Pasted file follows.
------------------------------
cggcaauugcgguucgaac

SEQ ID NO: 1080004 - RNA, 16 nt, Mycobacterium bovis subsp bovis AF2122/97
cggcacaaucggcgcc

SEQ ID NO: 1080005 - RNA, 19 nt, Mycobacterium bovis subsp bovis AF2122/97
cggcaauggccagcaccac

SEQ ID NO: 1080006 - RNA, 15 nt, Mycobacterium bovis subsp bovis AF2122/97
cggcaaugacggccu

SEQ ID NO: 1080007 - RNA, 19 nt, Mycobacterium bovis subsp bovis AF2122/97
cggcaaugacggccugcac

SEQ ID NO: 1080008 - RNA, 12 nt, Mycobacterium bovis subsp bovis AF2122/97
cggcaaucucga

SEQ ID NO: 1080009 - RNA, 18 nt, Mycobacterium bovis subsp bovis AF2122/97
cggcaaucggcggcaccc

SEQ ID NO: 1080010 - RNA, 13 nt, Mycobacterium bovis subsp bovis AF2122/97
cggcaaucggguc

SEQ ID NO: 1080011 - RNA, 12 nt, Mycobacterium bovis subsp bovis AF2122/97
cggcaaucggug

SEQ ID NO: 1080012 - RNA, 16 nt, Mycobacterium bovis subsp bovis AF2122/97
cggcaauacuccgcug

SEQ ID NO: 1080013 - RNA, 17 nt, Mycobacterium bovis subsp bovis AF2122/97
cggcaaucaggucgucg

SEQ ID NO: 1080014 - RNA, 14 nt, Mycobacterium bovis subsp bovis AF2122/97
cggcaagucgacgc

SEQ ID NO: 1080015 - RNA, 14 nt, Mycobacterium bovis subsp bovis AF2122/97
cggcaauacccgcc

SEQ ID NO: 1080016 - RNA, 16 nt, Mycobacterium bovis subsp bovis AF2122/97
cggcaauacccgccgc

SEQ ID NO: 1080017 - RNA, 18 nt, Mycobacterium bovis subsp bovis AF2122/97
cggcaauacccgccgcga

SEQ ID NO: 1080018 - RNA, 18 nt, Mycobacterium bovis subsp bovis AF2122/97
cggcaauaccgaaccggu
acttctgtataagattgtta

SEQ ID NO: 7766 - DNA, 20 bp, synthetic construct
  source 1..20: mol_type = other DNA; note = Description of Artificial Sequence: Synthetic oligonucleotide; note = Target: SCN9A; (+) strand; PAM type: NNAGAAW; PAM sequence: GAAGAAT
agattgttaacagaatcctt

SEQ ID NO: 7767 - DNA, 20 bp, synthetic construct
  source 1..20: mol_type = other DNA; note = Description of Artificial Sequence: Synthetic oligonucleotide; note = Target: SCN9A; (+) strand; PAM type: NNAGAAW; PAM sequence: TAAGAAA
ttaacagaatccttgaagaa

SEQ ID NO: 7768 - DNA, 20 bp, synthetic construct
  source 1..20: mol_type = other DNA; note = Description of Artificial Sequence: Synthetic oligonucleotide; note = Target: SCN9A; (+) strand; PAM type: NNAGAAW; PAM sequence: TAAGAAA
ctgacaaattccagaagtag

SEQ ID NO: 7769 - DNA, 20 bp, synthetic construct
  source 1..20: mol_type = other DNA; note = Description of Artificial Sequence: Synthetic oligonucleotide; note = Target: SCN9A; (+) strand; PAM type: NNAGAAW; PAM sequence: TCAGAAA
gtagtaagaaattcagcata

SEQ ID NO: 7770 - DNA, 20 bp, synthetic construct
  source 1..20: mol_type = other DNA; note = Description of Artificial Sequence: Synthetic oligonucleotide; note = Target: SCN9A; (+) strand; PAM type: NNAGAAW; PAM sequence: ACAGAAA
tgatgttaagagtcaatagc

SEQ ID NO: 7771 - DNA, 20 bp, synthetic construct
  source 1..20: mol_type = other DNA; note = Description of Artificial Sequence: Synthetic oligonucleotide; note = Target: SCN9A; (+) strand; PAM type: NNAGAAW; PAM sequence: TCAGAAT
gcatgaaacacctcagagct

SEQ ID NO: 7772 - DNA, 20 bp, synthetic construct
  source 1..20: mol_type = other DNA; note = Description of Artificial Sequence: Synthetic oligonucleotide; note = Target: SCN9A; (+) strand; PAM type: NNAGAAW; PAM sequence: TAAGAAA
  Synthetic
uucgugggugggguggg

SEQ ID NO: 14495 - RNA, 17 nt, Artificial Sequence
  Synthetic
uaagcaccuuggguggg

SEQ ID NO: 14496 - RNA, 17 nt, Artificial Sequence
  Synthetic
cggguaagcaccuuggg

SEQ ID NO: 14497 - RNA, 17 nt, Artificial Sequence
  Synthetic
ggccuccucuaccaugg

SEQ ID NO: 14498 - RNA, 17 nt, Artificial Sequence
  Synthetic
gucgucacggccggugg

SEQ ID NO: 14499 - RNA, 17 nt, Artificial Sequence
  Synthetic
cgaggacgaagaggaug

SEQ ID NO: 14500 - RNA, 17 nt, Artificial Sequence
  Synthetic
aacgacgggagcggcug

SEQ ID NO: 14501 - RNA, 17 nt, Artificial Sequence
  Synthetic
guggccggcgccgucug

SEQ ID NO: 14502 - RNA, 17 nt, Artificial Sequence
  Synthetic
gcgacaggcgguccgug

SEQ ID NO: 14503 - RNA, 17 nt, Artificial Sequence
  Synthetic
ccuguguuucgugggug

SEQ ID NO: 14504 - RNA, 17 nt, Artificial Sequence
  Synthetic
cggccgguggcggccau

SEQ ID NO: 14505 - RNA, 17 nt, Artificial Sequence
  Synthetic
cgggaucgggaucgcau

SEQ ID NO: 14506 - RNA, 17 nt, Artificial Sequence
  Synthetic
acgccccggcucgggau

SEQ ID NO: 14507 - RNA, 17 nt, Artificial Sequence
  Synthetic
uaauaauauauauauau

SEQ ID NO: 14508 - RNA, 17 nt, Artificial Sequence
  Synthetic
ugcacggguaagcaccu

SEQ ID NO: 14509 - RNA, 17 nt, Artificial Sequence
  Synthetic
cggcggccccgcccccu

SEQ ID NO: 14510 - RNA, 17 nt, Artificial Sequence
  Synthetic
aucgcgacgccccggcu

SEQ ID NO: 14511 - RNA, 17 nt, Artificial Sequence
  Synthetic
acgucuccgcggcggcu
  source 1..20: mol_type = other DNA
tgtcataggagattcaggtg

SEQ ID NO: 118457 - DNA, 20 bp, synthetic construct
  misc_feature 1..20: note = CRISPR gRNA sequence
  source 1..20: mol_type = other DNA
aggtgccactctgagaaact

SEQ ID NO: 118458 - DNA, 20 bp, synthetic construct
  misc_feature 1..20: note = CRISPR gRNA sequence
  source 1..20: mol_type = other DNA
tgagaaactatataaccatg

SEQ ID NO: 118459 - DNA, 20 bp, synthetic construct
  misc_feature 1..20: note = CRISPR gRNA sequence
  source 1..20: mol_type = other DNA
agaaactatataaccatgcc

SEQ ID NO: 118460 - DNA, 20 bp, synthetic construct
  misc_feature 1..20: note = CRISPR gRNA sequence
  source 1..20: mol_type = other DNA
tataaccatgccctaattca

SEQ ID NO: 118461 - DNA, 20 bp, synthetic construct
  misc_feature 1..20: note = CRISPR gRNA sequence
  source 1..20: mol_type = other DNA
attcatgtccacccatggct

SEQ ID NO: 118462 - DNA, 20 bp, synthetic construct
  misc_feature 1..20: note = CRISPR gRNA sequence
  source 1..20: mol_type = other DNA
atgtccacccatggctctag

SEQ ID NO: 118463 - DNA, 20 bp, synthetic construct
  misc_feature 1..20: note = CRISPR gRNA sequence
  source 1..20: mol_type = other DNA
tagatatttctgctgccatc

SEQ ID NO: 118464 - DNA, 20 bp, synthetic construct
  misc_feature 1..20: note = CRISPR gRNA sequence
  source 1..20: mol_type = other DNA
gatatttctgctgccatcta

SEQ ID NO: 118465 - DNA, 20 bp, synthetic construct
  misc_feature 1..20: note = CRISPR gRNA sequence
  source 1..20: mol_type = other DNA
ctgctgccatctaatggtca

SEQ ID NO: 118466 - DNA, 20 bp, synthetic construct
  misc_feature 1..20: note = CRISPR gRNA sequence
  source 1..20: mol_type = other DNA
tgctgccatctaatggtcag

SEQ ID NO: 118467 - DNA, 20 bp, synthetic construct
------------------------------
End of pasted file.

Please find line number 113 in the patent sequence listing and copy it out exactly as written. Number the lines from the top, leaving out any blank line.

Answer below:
  misc_feature 1..20: note = CRISPR gRNA sequence